MADISON, Wis.—High technology and a social mission combine for superior member service at Cooperativa Jardín Azuayo (CJA), an Ecuadoran credit union that advertises largely through word of mouth from its nearly 100 board members. CJA and the rest of country’s credit union system were studied by 13 credit union leaders from six countries who visited Ecuador Sept. 30–Oct. 7 during the World Council of Credit Unions’ (WOCCU) second Cooperative Learning Tour. Participants in the one-week intensive experience studied credit unions, cooperative issues and WOCCU’s activities in the Latin American country.
“The diversity of the participants’ roles and geographies contributed to rich discussions on issues such as remittances, immigration and credit union purpose,” said Valerie Breunig, executive director of WOCCU’s Worldwide Foundation and the trip’s co-leader. Participants hailed from Barbados, Canada, Macedonia, Scotland and the United States. The week-long intensive program included a joint discussion session with a Venezuelan credit union group also studying in Ecuador. Participants learned about Ecuador’s credit union system, WOCCU’s current Ecuador project and CJA, a unique credit union located in a largely mountainous area that relies on word-of-mouth promotion rather than print advertising or signage. Study participants toured CJA education projects and branches, meeting with managers and elected leaders for roundtable discussions on indirect lending, community partnerships, cooperative education, a cooperative housing subsidiary and the credit union’s unique management structure.
“We were amazed to learn how CJA leveraged technology,” said Breunig. Participants saw sophisticated IT systems, ATMs and JAMovil, the credit union’s mobile phone plan that includes account transfer capabilities among its features. The group also participated in a live video conference at a telecenter in CJA’s Paute office soon to open to the public. The telecenter, another option developed in an attempt to serve the local public, was part of WOCCU’s development effort. CJA currently has 85,000 members, 25 branch offices and boasts US$66 million in assets.
“What was most striking was how, despite its size and technology, CJA saw itself as a social service organization that works through financial services, rather than a financial institution that also provides social assistance projects,” Breunig said.
Tour participant Elizabeth Randall, interim CEO of Pasadena (Calif.) Federal Credit Union, agreed, noting that CJA demonstrates a true internal focus on member needs, rather than an external focus on what competitors are doing. “This philosophy is something we can draw from when developing new products or making management decisions,” she said.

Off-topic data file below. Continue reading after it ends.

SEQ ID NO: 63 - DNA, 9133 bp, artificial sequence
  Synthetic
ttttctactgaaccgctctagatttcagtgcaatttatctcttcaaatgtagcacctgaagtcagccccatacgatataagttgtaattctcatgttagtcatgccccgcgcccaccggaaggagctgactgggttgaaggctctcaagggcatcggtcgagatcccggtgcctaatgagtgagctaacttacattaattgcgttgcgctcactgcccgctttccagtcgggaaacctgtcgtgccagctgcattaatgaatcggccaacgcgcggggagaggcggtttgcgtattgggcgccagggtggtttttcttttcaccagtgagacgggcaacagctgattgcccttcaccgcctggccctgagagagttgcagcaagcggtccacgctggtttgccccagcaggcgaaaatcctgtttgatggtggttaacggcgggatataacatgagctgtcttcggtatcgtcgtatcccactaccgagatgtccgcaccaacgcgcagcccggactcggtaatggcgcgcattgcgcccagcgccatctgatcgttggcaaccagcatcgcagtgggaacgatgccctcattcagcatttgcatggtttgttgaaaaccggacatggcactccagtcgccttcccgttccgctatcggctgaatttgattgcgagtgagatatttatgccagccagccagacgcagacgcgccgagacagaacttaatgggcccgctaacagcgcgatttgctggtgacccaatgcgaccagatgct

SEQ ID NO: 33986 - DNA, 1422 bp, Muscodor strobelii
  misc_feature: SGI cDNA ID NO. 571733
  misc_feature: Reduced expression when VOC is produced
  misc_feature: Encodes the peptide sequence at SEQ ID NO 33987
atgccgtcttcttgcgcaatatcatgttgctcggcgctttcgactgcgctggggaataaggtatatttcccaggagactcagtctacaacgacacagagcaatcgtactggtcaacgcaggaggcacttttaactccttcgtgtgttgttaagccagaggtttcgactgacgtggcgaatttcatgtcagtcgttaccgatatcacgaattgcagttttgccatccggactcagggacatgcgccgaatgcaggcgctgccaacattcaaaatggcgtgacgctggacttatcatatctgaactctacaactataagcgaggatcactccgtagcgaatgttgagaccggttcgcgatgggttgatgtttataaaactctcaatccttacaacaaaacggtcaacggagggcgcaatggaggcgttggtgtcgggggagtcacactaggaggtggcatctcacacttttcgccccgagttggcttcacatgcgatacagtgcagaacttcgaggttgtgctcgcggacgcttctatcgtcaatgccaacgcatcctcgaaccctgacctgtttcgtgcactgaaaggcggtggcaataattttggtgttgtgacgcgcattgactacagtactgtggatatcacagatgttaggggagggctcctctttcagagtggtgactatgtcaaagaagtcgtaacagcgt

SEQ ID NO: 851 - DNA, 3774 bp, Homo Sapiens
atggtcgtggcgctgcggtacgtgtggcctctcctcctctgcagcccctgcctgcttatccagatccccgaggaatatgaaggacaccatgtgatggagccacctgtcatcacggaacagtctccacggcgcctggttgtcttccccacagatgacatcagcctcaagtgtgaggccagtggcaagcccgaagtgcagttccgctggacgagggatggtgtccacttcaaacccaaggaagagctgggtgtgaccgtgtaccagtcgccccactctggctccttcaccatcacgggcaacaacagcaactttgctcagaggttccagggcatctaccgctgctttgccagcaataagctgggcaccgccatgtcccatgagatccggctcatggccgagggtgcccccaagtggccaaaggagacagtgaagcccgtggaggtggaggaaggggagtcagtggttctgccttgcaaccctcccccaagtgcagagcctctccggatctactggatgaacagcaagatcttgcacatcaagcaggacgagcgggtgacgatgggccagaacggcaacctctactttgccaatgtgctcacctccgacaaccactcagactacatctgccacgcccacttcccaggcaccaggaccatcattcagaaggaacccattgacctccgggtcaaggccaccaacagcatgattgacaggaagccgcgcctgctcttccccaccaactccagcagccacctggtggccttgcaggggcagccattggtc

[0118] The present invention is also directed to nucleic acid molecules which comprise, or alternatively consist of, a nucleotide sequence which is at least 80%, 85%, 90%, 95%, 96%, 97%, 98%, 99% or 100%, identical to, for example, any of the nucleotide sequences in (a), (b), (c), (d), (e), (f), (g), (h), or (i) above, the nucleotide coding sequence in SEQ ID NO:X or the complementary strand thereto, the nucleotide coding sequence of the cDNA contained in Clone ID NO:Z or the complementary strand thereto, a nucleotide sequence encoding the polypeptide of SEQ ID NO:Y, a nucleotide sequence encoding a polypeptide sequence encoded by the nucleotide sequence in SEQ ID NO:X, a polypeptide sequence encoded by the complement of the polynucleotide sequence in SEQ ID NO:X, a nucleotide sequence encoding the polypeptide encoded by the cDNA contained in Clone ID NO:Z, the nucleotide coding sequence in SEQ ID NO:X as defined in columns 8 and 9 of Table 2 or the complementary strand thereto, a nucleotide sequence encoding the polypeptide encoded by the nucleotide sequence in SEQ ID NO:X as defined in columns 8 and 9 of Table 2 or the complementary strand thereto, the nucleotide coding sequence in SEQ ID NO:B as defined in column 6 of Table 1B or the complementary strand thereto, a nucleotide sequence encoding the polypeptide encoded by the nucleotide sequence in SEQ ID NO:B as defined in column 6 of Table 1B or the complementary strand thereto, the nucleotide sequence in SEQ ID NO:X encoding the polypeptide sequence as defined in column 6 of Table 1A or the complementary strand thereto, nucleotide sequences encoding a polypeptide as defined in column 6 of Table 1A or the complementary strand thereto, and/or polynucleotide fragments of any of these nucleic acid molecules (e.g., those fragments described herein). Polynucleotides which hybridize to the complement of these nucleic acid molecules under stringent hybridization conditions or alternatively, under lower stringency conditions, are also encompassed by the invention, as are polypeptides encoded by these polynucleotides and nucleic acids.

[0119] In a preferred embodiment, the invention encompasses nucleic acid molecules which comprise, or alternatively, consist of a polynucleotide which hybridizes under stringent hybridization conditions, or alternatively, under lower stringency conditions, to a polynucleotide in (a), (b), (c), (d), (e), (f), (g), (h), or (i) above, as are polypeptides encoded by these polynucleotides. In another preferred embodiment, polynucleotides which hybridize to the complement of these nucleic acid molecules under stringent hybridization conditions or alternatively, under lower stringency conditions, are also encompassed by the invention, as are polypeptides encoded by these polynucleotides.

Oscar Guzman, WOCCU Ecuador Project Director, started the week’s program with an overview of the Ecuadorian financial system and WOCCU projects, which include director training, readying credit unions for new government regulation, a shared branching project and a series of telecenters that will bring low-cost Internet and telephone service to rural communities. Following the CJA visits, the WOCCU group visited five credit union members to see their businesses and learn how the credit union aids community organizations and the working poor to improve their lives.
In addition to Randall, the study group included 12 other credit union leaders from five countries: Frank Felix, Arizona State Credit Union, Phoenix, Ariz.; Ellen Gardner, State Employees Credit Union, Linthicum, Md.; Dale Horst, Mennonite Savings & Credit Union, Kitchener, Ontario, Canada; Margaret Smyth and Alex Wyllie, Scotwest Credit Union, Glasgow, Scotland; Steve and Michelle Stapp, Redwood Credit Union/Monarch, Santa Rosa, Calif.; John Paul Stewart, Barbados Public Workers’ Union Public Co-operative Credit Union, St. Michael, Barbados; Tesha Urban, CUNA Mutual Group, Madison, Wis.; and Eleonora Zgonjanin Petrovik, FULM House Savings, Skopje, Macedonia.
Two more Cooperative Learning Tours and a Hispanic Marketing Immersion Program soon will be announced for 2008.
World Council of Credit Unions is the global trade association and development agency for credit unions. World Council promotes the sustainable development of credit unions and other financial cooperatives around the world to empower people through access to high quality and affordable financial services. World Council advocates on behalf of the global credit union system before international organizations and works with national governments to improve legislation and regulation. Its technical assistance programs introduce new tools and technologies to strengthen credit unions' financial performance and increase their outreach.
World Council has implemented more than 290 technical assistance programs in 71 countries. Worldwide, 56,000 credit unions in 101 countries serve 200 million people. Learn more about World Council's impact around the world at www.woccu.org.